If a trainer is accused of spreading Fake NLP or that there is a high probability that he is a Fake NLP trainer, he will demonstrate whether he is a NLP trainer or a Fake NLP trainer. A Fake NLP trainer will, most likely, react in one of the following ways:
- Simply keep quiet in the hope that people won’t notice that he is selling Fake NLP.
- Confront the accuser by saying something along the lines of: “Who are you to decide what is NLP?”
- Complain about the lack of rapport, demonstrating not only that he is a Fake NLP trainer but also that he misunderstands rapport.
- Accusing Fake NLP trainer of Fake NLP somehow goes against the “spirit of NLP” even though when asked how “the spirit of NLP” forbids accusing Fake NLP trainers of selling Fake NLP there is not a single answer.
A NLP trainer on the other hand would react differently. In his or her case the second Test of the TOTE-model (Test Operate Test Exit) would trigger. Somehow somewhere communications have gone wrong. Time to find out what has gone wrong and how to rectify the situation. This is normally done by asking for the reasons of the accusation and an exchange of ideas as to whether the accusation is correct or not and if not correct, what made it that the accuser made the accusation in the first place. That in turn may lead to an optimization of the communications, a learning experience for everyone involved and in the case of unjust accusations, public apologies of the accuser.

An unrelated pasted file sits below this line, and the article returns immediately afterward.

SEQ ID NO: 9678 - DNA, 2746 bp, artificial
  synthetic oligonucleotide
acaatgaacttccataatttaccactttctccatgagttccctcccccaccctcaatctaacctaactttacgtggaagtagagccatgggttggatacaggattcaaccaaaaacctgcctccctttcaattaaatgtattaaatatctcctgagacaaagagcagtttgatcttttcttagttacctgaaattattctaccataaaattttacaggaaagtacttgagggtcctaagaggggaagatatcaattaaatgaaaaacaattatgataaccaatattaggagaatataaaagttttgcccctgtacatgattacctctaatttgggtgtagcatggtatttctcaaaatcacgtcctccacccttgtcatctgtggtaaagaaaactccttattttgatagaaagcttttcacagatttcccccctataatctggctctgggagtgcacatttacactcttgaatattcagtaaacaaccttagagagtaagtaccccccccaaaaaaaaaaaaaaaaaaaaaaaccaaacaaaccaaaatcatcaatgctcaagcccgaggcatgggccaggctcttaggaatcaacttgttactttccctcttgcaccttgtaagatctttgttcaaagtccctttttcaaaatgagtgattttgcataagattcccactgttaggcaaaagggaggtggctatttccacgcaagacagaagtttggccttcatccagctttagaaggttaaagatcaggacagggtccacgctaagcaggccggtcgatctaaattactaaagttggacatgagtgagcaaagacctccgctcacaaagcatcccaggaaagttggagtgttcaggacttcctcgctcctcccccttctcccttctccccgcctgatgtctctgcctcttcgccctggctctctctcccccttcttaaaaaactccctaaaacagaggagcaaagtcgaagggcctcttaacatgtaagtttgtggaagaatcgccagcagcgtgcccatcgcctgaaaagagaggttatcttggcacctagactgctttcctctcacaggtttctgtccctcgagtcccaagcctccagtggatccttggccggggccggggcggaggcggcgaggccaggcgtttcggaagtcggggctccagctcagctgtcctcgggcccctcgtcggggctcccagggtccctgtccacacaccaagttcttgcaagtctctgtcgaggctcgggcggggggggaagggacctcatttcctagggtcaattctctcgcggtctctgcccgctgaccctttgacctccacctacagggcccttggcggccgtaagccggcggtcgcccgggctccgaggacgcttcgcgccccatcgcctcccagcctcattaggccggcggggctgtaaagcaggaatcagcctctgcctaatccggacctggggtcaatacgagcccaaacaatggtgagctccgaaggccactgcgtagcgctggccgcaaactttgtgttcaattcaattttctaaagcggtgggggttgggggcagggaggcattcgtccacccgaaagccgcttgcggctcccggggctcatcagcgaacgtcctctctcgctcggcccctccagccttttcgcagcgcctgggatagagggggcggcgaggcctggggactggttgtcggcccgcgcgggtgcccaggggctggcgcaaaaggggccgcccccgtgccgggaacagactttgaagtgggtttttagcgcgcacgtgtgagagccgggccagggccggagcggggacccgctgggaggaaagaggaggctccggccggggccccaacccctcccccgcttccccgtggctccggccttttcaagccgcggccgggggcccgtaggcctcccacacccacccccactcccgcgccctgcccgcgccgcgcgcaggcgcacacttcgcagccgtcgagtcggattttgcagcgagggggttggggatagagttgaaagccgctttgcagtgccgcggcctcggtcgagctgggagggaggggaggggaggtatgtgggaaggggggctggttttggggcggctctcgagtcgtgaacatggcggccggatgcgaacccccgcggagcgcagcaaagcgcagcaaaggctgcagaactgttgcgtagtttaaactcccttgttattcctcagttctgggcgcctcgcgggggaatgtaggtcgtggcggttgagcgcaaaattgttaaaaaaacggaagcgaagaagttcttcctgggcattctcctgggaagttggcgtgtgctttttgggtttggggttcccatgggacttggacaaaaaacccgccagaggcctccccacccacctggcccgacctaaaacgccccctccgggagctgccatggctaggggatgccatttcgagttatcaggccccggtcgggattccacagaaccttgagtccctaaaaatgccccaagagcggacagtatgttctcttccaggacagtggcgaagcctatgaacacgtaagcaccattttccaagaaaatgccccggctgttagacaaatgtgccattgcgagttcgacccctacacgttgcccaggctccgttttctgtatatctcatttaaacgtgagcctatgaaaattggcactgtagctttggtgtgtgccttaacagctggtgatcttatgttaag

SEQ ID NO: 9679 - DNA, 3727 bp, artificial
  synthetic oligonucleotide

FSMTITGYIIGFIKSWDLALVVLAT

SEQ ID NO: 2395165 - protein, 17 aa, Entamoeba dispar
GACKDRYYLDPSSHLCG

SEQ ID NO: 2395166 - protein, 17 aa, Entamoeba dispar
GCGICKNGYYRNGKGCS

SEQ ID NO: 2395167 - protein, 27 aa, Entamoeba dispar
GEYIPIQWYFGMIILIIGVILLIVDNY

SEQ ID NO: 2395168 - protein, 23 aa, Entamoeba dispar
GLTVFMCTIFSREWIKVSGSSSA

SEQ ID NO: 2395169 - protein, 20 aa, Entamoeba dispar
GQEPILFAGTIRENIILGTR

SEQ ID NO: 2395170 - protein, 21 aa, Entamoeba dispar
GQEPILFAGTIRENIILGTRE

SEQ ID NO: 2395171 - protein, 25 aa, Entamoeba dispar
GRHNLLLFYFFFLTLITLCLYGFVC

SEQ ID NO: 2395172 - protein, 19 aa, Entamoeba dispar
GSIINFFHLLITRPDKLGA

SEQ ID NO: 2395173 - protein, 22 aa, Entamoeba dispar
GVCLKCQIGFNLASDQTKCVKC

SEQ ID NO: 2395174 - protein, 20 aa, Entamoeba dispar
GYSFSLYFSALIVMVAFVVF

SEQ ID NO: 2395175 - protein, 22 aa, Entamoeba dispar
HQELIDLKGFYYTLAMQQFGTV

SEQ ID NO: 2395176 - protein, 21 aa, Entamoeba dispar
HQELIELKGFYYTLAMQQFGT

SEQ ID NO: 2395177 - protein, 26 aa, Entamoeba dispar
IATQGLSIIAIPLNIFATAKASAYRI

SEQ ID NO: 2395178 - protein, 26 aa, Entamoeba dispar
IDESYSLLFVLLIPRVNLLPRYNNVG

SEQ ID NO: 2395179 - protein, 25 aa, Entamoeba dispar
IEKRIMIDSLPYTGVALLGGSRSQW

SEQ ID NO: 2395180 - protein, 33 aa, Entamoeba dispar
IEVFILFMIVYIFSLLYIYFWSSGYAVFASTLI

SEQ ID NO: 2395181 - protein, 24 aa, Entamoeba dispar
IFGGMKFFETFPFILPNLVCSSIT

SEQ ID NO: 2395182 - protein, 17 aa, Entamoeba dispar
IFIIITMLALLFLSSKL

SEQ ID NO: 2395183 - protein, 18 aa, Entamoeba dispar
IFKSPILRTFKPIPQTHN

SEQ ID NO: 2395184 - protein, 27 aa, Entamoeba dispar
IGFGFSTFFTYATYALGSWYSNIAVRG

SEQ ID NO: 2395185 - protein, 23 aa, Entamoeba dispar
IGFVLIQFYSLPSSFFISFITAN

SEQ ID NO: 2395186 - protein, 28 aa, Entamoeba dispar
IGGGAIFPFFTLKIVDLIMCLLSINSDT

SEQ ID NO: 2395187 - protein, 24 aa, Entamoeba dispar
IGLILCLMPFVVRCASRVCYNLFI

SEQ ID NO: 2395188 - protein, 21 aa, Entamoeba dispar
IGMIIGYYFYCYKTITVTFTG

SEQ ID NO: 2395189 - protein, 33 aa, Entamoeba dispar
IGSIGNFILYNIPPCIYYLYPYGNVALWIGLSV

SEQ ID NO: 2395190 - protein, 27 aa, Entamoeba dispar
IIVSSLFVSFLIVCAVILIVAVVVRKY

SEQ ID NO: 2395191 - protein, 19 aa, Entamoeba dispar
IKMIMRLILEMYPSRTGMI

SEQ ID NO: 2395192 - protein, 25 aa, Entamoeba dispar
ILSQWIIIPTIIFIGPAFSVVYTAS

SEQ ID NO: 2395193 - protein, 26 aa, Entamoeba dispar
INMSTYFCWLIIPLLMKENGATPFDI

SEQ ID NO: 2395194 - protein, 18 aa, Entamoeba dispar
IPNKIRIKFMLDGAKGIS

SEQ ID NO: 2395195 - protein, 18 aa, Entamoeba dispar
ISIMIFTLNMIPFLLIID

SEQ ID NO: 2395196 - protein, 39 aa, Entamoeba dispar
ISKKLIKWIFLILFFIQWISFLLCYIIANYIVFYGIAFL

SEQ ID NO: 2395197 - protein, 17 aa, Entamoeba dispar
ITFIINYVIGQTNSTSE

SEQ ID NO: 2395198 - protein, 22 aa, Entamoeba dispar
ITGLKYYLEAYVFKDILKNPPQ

NLP is a methodology to map human behaviors that at its heart uses the TOTE-model to keep on learning and improving matters, especially if something goes wrong. If a trainer isn’t demonstrating this learning and improving behavior, it is likely that you are dealing with a Fake NLP trainer.